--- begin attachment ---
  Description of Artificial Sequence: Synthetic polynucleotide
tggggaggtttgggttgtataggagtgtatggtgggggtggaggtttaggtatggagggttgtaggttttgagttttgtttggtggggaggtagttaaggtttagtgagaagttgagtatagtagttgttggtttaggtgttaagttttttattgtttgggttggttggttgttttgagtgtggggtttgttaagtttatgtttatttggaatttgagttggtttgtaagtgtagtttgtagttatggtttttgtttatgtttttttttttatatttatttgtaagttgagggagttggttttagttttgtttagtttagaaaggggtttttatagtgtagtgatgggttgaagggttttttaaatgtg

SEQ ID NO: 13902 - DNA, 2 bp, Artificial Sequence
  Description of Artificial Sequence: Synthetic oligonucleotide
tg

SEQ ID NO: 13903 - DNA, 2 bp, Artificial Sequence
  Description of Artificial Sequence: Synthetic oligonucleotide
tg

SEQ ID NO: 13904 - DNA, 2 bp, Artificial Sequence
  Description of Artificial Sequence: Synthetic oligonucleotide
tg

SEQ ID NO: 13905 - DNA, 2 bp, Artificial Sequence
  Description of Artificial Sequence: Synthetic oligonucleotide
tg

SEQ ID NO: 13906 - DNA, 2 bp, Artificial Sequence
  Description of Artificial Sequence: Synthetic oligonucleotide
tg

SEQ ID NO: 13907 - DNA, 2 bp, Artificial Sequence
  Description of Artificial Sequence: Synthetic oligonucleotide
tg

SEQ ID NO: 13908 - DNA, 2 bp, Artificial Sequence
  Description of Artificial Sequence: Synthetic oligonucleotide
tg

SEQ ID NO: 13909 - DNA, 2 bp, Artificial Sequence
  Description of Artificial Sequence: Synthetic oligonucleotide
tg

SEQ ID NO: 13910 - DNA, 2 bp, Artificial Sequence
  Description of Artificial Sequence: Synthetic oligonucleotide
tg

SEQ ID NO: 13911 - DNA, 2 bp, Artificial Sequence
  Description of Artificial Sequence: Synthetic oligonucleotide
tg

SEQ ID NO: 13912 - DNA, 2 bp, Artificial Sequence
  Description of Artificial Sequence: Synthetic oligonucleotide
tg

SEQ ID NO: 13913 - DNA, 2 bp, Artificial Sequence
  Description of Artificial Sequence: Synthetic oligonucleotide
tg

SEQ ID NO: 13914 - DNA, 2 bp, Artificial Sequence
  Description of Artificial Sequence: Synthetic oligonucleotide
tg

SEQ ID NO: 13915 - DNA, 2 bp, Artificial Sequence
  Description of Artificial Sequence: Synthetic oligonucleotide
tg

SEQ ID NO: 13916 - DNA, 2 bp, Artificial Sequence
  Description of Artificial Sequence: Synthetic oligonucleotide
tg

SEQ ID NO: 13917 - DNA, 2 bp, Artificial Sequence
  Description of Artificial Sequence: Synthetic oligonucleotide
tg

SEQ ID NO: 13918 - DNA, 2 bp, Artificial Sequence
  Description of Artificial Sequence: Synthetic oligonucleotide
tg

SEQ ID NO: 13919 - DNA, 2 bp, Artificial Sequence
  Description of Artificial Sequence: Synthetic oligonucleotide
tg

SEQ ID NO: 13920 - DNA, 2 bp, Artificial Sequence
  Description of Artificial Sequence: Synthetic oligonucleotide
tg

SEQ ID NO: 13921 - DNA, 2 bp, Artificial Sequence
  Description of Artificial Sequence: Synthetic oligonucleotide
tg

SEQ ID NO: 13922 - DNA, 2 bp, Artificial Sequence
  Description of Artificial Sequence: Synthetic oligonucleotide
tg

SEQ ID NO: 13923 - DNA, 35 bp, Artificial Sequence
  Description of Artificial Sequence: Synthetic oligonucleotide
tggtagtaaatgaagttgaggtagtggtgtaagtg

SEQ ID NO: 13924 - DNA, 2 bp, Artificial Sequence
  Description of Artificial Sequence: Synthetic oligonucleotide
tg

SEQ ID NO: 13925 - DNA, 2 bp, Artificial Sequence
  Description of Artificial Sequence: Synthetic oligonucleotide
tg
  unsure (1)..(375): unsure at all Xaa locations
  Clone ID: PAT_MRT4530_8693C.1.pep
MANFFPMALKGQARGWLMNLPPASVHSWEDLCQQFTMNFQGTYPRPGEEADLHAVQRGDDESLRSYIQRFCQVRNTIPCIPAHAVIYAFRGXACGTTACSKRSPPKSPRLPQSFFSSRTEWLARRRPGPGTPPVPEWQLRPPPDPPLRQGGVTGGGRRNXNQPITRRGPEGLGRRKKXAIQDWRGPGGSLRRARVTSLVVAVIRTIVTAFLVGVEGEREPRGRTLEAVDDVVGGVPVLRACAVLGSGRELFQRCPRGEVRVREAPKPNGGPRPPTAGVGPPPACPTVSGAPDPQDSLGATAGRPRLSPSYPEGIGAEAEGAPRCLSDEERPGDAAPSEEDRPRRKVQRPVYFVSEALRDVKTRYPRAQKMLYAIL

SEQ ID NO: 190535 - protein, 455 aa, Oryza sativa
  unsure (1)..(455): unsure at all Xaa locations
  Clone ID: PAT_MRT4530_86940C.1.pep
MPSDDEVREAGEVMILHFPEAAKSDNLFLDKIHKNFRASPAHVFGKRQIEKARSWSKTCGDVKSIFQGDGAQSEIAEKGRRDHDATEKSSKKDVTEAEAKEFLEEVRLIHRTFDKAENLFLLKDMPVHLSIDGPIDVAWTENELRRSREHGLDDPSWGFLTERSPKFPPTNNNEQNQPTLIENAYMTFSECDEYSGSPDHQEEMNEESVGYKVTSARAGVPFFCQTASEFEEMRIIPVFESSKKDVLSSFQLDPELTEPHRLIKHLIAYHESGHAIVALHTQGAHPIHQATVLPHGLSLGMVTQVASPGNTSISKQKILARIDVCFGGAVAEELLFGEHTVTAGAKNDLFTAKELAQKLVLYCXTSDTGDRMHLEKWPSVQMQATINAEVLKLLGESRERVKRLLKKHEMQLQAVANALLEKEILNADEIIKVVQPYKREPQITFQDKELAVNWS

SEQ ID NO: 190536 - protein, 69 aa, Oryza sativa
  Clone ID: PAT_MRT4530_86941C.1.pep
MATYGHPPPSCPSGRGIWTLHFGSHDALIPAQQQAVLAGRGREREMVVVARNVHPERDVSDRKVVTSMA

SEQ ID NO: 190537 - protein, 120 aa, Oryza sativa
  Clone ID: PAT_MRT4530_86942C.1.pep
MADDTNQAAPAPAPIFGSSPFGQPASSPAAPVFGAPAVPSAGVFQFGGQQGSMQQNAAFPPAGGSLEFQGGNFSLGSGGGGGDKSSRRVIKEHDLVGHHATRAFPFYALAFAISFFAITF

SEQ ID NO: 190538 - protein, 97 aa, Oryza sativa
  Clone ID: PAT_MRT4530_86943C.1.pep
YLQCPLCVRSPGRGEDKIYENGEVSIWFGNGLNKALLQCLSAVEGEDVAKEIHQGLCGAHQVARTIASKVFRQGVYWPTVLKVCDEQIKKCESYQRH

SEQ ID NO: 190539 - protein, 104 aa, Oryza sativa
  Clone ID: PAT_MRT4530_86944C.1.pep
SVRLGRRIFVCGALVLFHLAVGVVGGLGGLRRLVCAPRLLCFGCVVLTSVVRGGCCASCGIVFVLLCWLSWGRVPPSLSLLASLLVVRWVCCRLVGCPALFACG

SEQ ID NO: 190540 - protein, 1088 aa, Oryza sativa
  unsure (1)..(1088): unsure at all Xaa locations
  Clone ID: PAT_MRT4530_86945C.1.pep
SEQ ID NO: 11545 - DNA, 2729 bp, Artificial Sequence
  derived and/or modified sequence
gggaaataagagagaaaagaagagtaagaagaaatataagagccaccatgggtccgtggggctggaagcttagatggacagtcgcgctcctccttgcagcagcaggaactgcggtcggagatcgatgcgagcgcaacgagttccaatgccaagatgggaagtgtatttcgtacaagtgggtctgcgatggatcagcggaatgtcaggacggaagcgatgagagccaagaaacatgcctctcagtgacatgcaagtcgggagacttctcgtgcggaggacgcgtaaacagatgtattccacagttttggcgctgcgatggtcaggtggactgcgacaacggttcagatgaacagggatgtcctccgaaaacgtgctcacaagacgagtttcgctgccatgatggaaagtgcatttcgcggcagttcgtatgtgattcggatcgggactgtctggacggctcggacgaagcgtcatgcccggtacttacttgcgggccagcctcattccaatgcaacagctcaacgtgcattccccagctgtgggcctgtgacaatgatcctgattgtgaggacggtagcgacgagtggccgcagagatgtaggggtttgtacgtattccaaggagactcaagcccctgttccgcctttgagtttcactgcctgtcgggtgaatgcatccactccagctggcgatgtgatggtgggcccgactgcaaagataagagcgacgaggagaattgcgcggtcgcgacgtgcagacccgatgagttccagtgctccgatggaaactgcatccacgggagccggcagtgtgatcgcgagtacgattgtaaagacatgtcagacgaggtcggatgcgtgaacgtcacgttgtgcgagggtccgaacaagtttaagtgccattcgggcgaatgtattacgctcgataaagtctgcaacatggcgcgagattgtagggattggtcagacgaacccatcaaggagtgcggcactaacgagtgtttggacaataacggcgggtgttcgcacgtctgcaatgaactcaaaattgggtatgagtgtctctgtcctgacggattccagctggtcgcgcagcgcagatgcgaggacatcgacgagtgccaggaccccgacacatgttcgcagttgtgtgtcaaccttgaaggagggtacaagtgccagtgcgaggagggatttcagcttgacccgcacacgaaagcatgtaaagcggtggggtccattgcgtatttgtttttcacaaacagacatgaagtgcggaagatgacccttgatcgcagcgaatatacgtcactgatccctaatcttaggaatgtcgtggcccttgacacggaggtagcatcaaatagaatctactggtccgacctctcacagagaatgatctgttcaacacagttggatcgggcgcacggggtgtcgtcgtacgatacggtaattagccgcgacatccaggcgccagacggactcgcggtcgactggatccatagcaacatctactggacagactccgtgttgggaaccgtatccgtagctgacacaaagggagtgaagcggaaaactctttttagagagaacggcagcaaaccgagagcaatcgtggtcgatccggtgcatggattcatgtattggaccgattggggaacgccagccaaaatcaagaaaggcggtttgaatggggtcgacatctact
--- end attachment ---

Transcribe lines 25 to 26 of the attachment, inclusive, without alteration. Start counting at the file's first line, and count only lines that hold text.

  Description of Artificial Sequence: Synthetic oligonucleotide
tg